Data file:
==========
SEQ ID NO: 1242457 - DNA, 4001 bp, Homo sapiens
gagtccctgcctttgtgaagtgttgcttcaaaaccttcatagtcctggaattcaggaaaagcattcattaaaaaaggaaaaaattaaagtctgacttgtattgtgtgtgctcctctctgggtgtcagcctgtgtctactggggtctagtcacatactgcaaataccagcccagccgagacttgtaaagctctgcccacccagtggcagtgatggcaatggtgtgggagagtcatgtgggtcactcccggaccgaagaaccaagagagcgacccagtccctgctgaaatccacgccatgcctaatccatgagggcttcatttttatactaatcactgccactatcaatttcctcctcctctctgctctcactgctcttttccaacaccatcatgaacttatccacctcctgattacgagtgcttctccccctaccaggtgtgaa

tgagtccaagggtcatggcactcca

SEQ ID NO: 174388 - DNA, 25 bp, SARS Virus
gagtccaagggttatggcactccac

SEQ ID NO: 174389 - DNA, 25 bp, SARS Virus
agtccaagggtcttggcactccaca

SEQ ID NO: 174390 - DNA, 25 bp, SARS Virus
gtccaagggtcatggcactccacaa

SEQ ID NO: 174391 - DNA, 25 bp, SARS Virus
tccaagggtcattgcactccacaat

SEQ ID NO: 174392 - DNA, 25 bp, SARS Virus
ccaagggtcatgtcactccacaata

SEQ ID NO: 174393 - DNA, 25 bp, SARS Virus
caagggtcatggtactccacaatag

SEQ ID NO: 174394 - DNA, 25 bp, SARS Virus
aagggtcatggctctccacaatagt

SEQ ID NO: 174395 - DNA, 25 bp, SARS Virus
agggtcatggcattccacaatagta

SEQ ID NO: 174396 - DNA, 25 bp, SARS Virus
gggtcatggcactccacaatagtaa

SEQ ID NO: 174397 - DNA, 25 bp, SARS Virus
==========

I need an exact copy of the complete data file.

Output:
SEQ ID NO: 1242457 - DNA, 4001 bp, Homo sapiens
gagtccctgcctttgtgaagtgttgcttcaaaaccttcatagtcctggaattcaggaaaagcattcattaaaaaaggaaaaaattaaagtctgacttgtattgtgtgtgctcctctctgggtgtcagcctgtgtctactggggtctagtcacatactgcaaataccagcccagccgagacttgtaaagctctgcccacccagtggcagtgatggcaatggtgtgggagagtcatgtgggtcactcccggaccgaagaaccaagagagcgacccagtccctgctgaaatccacgccatgcctaatccatgagggcttcatttttatactaatcactgccactatcaatttcctcctcctctctgctctcactgctcttttccaacaccatcatgaacttatccacctcctgattacgagtgcttctccccctaccaggtgtgaa

tgagtccaagggtcatggcactcca

SEQ ID NO: 174388 - DNA, 25 bp, SARS Virus
gagtccaagggttatggcactccac

SEQ ID NO: 174389 - DNA, 25 bp, SARS Virus
agtccaagggtcttggcactccaca

SEQ ID NO: 174390 - DNA, 25 bp, SARS Virus
gtccaagggtcatggcactccacaa

SEQ ID NO: 174391 - DNA, 25 bp, SARS Virus
tccaagggtcattgcactccacaat

SEQ ID NO: 174392 - DNA, 25 bp, SARS Virus
ccaagggtcatgtcactccacaata

SEQ ID NO: 174393 - DNA, 25 bp, SARS Virus
caagggtcatggtactccacaatag

SEQ ID NO: 174394 - DNA, 25 bp, SARS Virus
aagggtcatggctctccacaatagt

SEQ ID NO: 174395 - DNA, 25 bp, SARS Virus
agggtcatggcattccacaatagta

SEQ ID NO: 174396 - DNA, 25 bp, SARS Virus
gggtcatggcactccacaatagtaa

SEQ ID NO: 174397 - DNA, 25 bp, SARS Virus